On remand, Romag asks that the Court award it attorney's fees under the Lanham Act and that it reinstate its previous award of attorney's fees under the Patent Act, and expert witness fees under the Court's inherent authority. In the event the Court declines to reinstate the award of attorney's fees under the Patent Act, Plaintiff contends that this Court, consistent with its prior decision that was not challenged on appeal, should modify the total fee award to deduct only those fees solely related to Romag's patent infringement claim. Finally, Romag claims entitlement to an award of pre- and post-trial interest on the patent damage award.

         A. Patent and Lanham Act Fees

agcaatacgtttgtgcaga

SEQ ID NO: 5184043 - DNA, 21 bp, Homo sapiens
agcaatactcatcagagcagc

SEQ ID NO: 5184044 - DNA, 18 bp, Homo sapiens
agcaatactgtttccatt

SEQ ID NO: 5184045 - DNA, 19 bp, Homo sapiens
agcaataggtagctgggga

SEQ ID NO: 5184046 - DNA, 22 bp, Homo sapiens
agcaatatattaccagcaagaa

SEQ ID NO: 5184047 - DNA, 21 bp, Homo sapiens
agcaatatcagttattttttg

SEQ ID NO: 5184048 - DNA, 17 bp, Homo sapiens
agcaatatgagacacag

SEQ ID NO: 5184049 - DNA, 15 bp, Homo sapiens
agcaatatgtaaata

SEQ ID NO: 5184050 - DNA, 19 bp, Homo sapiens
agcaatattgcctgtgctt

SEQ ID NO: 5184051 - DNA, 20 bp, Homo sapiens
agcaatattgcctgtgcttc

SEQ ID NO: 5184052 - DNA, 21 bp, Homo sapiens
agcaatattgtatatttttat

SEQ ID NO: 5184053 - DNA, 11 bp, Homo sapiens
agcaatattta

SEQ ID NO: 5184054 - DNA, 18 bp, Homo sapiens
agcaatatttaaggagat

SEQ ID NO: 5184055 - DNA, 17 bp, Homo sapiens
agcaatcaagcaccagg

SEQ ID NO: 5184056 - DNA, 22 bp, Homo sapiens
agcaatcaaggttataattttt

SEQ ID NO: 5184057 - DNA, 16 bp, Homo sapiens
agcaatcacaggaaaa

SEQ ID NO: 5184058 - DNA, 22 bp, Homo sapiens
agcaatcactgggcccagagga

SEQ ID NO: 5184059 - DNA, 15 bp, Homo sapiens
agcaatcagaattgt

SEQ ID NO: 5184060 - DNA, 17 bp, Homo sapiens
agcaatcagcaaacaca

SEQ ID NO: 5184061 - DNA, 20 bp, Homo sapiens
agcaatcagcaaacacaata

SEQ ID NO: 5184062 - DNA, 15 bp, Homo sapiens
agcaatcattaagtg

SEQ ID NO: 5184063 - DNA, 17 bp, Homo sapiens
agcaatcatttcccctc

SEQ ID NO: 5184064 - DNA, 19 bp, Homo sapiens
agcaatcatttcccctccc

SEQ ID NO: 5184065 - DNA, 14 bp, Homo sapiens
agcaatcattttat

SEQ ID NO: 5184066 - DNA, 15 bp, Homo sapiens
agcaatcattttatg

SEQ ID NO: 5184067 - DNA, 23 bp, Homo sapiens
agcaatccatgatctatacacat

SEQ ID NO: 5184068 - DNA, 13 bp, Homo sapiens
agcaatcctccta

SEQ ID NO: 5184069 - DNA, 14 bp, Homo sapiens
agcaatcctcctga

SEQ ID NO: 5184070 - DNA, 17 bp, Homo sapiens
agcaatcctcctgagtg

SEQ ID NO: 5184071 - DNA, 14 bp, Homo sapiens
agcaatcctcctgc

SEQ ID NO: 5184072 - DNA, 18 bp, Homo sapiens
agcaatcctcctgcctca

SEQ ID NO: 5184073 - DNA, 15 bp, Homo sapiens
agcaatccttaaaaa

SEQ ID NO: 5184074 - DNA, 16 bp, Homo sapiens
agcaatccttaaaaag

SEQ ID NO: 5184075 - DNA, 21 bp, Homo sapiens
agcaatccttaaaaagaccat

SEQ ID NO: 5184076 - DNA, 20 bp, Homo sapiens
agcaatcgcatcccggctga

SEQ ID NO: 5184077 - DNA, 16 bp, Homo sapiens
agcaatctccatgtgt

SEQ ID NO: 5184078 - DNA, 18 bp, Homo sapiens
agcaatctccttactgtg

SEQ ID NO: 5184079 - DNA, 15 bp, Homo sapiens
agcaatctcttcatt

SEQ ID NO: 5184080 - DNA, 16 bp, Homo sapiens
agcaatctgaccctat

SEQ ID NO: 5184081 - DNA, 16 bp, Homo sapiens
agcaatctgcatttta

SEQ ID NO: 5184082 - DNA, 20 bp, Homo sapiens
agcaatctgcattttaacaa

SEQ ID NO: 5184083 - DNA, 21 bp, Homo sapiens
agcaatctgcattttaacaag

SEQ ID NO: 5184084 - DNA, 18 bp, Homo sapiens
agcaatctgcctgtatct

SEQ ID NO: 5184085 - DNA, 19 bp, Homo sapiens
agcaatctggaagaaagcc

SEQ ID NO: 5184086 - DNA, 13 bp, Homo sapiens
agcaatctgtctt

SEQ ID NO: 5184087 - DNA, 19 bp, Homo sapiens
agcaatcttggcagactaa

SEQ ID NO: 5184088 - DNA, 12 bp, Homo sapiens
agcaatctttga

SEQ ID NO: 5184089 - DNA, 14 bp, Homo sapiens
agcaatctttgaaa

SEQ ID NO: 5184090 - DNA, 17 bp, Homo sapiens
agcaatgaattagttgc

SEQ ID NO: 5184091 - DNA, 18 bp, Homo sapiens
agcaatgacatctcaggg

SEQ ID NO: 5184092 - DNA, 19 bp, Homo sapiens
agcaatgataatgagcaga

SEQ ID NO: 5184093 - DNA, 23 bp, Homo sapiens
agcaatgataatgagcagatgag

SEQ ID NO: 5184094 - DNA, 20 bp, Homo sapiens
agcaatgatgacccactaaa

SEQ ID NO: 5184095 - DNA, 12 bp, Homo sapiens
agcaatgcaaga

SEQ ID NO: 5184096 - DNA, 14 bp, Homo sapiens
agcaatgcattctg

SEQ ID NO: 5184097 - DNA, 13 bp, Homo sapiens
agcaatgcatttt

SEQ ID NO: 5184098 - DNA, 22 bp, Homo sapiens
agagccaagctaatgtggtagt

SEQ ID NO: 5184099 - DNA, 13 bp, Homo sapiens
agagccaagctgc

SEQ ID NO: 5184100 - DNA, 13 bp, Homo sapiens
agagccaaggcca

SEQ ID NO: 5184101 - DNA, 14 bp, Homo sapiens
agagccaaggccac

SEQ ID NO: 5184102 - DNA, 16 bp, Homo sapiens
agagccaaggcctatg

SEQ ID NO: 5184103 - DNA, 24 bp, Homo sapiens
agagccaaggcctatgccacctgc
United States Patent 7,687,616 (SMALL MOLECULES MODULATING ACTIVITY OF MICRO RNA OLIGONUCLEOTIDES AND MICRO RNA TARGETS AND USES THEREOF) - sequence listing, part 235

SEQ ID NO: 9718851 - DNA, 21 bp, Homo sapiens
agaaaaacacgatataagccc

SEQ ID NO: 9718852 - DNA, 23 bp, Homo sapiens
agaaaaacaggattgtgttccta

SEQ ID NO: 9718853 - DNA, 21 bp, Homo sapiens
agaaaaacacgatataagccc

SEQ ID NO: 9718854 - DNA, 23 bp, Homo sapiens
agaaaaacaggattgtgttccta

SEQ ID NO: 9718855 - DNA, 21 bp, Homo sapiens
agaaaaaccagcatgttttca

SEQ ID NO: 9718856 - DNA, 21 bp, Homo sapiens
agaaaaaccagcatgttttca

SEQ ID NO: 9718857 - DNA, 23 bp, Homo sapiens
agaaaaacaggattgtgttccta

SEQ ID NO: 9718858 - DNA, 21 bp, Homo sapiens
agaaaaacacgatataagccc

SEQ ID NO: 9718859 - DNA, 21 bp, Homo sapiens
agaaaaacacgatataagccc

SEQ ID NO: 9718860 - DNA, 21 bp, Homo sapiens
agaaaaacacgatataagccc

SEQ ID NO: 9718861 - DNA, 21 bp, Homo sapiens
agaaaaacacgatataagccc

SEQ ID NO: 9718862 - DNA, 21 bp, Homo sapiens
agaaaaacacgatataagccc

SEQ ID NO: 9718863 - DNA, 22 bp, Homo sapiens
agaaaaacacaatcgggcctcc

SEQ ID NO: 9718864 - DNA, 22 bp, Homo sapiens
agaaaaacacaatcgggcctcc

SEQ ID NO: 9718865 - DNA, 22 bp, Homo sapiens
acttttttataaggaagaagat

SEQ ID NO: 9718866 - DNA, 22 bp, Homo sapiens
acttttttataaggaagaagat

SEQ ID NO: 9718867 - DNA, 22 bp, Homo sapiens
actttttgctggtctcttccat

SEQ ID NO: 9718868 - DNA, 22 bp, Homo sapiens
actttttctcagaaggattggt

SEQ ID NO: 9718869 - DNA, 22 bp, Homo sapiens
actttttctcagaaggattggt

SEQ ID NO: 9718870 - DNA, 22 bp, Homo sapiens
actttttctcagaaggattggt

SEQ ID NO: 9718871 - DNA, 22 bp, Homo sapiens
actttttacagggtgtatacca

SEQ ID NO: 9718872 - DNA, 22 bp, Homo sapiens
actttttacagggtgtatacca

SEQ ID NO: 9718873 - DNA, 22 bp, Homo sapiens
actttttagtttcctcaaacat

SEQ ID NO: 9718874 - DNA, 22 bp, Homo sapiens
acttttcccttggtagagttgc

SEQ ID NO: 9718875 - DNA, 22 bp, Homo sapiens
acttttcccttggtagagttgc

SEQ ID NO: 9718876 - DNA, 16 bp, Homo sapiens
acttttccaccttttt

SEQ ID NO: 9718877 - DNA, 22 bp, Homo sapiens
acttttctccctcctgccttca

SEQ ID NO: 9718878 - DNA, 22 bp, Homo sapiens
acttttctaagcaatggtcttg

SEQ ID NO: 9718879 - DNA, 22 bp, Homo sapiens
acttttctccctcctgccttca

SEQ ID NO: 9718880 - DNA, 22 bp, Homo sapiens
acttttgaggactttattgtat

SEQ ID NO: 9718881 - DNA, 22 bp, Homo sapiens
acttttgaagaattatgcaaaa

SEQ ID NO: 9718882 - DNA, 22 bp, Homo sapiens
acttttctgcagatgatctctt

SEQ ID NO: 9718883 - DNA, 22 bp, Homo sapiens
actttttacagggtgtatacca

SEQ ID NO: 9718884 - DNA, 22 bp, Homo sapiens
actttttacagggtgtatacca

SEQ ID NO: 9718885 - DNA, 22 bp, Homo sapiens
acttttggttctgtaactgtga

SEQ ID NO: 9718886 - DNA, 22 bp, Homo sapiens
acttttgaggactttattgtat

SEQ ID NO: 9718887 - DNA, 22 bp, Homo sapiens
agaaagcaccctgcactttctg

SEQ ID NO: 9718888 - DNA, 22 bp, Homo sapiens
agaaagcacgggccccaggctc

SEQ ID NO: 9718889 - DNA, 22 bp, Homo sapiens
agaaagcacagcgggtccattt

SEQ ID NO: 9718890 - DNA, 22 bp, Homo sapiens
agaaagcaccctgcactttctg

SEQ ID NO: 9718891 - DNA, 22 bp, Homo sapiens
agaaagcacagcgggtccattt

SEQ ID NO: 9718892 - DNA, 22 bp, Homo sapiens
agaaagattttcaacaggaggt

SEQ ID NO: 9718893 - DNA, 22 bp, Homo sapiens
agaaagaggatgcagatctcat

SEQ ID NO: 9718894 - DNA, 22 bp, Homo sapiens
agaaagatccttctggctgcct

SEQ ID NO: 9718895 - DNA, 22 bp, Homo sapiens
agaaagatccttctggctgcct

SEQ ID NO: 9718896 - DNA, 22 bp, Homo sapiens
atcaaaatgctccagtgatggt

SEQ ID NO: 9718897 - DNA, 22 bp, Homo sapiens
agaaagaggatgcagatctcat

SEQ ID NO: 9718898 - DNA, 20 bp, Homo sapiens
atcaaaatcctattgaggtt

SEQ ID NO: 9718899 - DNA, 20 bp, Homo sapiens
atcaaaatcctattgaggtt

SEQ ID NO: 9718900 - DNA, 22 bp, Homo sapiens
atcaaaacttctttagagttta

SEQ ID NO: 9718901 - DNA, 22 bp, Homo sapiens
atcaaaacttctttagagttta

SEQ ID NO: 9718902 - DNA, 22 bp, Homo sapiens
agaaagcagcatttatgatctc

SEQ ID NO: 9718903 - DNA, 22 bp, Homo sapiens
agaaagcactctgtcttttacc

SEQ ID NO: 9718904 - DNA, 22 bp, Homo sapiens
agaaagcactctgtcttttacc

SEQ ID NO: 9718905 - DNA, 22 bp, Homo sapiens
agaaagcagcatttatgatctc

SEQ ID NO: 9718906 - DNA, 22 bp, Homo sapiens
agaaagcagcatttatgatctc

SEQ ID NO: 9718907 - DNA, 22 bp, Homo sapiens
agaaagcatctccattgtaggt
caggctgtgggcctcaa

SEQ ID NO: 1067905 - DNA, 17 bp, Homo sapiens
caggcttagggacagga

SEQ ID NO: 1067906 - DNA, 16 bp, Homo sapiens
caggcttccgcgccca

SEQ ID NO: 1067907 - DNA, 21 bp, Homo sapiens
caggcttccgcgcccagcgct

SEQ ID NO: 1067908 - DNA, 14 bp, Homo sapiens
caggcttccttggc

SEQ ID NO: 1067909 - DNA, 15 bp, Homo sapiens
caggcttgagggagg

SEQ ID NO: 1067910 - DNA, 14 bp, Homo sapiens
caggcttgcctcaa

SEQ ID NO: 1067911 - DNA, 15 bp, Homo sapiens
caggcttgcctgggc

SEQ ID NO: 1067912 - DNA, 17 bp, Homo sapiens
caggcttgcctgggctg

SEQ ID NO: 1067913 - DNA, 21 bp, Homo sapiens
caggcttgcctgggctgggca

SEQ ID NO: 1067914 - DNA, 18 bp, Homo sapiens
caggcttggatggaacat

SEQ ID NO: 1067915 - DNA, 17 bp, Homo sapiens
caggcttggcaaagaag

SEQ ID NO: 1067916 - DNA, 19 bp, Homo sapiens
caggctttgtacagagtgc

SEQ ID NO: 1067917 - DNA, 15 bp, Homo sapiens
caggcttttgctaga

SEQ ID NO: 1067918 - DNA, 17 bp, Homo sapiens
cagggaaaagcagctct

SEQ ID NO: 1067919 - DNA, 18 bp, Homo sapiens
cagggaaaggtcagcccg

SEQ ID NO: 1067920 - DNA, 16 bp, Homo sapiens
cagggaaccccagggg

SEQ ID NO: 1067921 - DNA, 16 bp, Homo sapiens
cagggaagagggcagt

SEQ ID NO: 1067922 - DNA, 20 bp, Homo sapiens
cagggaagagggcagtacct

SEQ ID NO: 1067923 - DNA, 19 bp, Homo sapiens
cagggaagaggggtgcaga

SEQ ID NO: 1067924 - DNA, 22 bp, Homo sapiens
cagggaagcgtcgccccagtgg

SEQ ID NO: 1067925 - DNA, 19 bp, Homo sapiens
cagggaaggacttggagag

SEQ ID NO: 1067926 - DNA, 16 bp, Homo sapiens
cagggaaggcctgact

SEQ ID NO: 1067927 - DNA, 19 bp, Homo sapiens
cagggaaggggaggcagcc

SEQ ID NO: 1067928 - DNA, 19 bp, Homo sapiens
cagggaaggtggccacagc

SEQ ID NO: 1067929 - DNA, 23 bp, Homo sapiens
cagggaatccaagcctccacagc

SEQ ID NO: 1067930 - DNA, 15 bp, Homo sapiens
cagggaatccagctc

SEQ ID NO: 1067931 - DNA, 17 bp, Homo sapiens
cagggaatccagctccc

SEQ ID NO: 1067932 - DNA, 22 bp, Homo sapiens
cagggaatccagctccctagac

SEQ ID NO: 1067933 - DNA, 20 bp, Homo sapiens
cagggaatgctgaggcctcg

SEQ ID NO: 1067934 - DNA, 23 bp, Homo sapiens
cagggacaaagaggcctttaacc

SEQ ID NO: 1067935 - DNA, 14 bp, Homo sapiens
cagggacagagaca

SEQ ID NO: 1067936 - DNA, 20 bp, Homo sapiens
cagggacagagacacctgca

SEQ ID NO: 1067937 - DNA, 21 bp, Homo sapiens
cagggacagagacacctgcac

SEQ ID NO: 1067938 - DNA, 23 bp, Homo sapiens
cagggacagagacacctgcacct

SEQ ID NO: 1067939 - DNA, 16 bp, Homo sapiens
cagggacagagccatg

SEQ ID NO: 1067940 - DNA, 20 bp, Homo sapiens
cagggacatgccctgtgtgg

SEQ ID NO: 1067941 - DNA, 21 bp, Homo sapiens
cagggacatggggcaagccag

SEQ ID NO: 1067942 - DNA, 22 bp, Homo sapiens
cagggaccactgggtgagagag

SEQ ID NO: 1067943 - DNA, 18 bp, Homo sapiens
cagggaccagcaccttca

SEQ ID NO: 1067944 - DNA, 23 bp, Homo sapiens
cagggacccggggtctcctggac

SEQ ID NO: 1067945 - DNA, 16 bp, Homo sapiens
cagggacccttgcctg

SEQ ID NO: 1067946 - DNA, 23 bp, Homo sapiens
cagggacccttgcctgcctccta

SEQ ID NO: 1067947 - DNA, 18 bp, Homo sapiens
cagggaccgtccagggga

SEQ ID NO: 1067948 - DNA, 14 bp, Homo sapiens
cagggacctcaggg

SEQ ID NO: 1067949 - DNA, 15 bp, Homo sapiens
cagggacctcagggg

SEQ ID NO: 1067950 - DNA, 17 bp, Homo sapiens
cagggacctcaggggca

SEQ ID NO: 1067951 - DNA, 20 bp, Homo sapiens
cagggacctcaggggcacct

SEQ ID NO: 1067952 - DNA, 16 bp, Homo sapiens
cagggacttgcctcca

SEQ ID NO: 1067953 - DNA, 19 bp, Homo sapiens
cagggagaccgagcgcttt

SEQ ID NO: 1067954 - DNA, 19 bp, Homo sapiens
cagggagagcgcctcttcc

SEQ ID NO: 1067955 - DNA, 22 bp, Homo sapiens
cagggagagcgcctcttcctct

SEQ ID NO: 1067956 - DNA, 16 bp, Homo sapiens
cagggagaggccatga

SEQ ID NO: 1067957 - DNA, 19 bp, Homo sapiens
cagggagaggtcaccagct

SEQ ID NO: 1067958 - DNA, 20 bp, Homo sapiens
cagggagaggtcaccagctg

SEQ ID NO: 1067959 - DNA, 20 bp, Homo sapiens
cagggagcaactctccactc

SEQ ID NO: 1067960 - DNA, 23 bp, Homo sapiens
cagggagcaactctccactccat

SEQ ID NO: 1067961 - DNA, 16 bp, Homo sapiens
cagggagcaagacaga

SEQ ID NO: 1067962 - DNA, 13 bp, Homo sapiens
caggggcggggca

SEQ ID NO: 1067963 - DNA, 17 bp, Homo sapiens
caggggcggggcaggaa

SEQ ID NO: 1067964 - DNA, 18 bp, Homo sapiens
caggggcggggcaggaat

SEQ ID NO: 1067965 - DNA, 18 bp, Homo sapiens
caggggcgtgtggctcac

The Supreme Court in Octane Fitness held that for a case to be an "exceptional case" justifying an award of attorney's fees, a finding of fraud or bad faith is not required. Rather, the case must "simply [be] one that stands out from others with respect to the substantive strength of a party's litigating position ... or the unreasonable manner in which the case was litigated . . ., considering the totality of the circumstances." Octane Fitness, LLC v. Icon Health & Fitness, Inc.,134 S.Ct. 1749, 1756 (2014). While Octane Fitness was a Patent Act case, the Federal Circuit anticipated that the Second Circuit would hold that the Lanham Act has the same standard for recovering attorney's fees ...